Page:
On Tuesday, the Libyan Parliament-designated Prime Minister, and Chairman of the High Committee for Emergency Response, Osama Hammad convened a meeting with committee members and ministers in the city of Derna.
During his address, the Prime Minister expressed the government’s firm opposition to exploiting the current crisis, for political gains. He urged all national entities and sovereign institutions to shoulder their responsibilities towards the reconstruction of Derna.
Hammad and committee members also discussed a range of issues related to the crisis. They discussed the most suitable methods and means through which the emergency committee, in coordination with state executive bodies, would support the afflicted in Derna and the devastated areas of Green Mountain, aiming to alleviate their suffering.
The cabinet meeting saw the performance evaluation of various ministries during this period in Derna and the Green Mountains. It also highlighted the efforts made to restore conditions to their previous state, especially at the service ministry level.
The attendees reviewed the preparations for organising the Derna Reconstruction Conference, scheduled for 10 October. This event is expected to witness significant local and international attendance.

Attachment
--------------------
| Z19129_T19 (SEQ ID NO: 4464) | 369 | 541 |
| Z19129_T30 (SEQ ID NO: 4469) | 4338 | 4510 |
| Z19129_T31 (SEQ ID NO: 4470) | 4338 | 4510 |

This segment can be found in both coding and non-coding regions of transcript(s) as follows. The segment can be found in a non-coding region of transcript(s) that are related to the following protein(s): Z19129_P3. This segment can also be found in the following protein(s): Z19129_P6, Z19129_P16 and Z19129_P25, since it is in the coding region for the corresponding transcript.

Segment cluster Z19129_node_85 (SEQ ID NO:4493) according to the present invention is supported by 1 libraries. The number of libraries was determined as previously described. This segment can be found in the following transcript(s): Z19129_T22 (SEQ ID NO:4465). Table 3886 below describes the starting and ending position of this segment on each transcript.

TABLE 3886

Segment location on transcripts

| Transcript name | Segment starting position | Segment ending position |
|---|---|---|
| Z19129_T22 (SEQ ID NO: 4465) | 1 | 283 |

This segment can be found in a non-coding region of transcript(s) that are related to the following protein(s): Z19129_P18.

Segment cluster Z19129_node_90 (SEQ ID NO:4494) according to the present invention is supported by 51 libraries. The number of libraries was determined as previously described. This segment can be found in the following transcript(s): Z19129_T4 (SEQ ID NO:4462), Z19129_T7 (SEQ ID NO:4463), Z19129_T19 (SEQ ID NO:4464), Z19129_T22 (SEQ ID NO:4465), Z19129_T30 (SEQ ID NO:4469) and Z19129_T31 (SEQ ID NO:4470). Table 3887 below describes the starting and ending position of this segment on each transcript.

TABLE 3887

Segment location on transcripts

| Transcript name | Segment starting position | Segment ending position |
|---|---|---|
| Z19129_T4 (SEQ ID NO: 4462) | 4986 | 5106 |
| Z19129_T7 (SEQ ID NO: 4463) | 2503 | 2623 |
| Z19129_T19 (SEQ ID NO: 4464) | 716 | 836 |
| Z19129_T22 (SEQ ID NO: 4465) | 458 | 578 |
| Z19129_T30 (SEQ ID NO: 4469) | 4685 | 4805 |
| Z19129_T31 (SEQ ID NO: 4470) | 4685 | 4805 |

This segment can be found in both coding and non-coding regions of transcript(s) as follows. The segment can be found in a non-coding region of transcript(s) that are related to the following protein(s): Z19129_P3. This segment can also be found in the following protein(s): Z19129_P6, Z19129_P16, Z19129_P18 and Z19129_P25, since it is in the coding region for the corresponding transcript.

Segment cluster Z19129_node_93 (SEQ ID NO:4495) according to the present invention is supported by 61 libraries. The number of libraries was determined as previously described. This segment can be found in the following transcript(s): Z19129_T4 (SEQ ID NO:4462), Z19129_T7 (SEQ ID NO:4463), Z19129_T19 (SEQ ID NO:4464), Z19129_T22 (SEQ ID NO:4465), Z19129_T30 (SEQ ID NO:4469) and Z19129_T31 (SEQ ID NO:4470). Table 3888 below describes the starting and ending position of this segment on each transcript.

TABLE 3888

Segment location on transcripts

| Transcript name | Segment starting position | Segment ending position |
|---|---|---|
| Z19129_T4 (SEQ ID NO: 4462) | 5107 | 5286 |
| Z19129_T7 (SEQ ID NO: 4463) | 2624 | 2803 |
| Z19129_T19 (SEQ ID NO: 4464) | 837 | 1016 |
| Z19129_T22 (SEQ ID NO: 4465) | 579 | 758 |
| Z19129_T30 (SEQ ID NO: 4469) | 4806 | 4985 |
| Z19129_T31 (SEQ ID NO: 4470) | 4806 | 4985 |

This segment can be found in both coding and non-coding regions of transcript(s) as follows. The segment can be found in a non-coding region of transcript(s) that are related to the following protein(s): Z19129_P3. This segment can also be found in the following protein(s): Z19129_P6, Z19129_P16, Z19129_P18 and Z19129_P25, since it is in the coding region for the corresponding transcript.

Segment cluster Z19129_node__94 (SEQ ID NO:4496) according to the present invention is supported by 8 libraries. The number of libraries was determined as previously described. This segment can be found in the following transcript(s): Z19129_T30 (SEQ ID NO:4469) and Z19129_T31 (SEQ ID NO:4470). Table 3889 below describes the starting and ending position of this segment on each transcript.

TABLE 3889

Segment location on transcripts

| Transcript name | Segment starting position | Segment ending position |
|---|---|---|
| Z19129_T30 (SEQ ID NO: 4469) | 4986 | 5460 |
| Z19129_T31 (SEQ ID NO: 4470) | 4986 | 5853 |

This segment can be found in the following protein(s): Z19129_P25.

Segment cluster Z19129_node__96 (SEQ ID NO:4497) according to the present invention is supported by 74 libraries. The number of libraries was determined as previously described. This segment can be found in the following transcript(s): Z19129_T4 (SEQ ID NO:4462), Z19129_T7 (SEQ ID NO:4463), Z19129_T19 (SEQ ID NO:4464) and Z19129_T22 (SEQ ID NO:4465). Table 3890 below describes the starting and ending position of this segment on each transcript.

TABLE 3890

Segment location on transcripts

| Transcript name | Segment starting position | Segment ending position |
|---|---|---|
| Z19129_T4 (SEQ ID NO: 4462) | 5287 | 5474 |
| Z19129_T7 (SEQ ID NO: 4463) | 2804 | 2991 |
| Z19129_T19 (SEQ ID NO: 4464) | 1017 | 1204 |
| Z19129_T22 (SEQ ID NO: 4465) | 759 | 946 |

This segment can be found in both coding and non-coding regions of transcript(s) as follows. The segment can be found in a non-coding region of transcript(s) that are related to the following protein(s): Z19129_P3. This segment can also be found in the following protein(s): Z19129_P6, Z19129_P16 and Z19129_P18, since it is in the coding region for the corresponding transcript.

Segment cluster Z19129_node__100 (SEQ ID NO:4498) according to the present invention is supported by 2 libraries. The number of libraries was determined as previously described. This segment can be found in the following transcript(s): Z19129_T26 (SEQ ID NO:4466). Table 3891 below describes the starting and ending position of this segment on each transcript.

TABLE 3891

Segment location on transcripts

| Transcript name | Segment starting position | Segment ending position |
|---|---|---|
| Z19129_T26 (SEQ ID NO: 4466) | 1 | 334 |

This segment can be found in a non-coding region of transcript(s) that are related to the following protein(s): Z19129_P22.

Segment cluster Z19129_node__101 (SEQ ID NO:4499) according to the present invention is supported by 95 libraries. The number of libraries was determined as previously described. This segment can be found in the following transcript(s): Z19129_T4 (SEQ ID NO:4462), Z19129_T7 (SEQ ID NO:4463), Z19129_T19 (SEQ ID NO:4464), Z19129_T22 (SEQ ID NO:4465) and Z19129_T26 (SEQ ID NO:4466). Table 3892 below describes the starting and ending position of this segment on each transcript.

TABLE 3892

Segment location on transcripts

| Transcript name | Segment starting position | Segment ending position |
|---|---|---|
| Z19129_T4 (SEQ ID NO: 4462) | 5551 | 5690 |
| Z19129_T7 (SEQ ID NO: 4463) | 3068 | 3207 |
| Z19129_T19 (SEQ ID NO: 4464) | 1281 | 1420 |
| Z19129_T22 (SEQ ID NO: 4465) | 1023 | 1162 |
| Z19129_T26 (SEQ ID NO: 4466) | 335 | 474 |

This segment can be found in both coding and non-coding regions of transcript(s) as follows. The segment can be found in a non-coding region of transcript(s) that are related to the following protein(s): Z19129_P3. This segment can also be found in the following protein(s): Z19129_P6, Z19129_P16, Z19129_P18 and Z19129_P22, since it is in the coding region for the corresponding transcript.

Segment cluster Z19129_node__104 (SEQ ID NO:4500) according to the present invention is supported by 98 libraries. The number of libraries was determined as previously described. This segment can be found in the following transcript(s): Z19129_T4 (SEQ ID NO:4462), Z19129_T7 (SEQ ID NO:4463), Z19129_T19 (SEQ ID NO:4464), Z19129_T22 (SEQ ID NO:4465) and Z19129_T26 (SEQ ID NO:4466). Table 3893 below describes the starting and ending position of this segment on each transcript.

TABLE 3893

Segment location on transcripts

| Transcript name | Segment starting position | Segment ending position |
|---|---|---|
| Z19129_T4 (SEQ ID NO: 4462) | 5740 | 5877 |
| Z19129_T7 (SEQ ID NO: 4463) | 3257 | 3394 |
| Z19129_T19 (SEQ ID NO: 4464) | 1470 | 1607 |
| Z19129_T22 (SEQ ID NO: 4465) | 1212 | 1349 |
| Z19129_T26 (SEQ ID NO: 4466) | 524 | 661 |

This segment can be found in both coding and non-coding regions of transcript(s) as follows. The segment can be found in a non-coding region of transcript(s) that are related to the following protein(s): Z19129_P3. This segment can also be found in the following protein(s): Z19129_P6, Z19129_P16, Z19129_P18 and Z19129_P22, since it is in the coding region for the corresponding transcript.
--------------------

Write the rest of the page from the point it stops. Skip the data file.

Control over Derna remains outside the control of the Tripoli-based Government of National Unity (GNU), with the city and much of eastern Libya under the authority of the eastern forces.
During the height of storm Daniel, the Bou Mansour Dam, boasting a storage capability of 22.5 million cubic meters, and situated 13 kilometers away from Derna, ruptured. This breach consequently overwhelmed the adjacent dam, located a mere kilometer from the coastal city, with a storage threshold of 1.5 million cubic meters.
Post-storm analyses by the Libyan Audit Bureau criticized the Ministry of Water Resources for overlooking the upkeep of the Derna dam. The report spotlighted an unsettled invoice of €2.286 million euros for maintenance services by the Turkish firm, Bressel, in 2020.
On 10 September, a devastating storm swept through several eastern regions of Libya, notably the cities of Derna, Benghazi, Al-Bayda, Al-Marj, and Sousse. This resulted in significant destruction and led to the loss of thousands of lives, injuries, and missing individuals.
Notably, the International Organisation for Migration (IOM), revealed that the recent floods in northeastern Libya, have forced an estimated 43,059 individuals to flee their homes.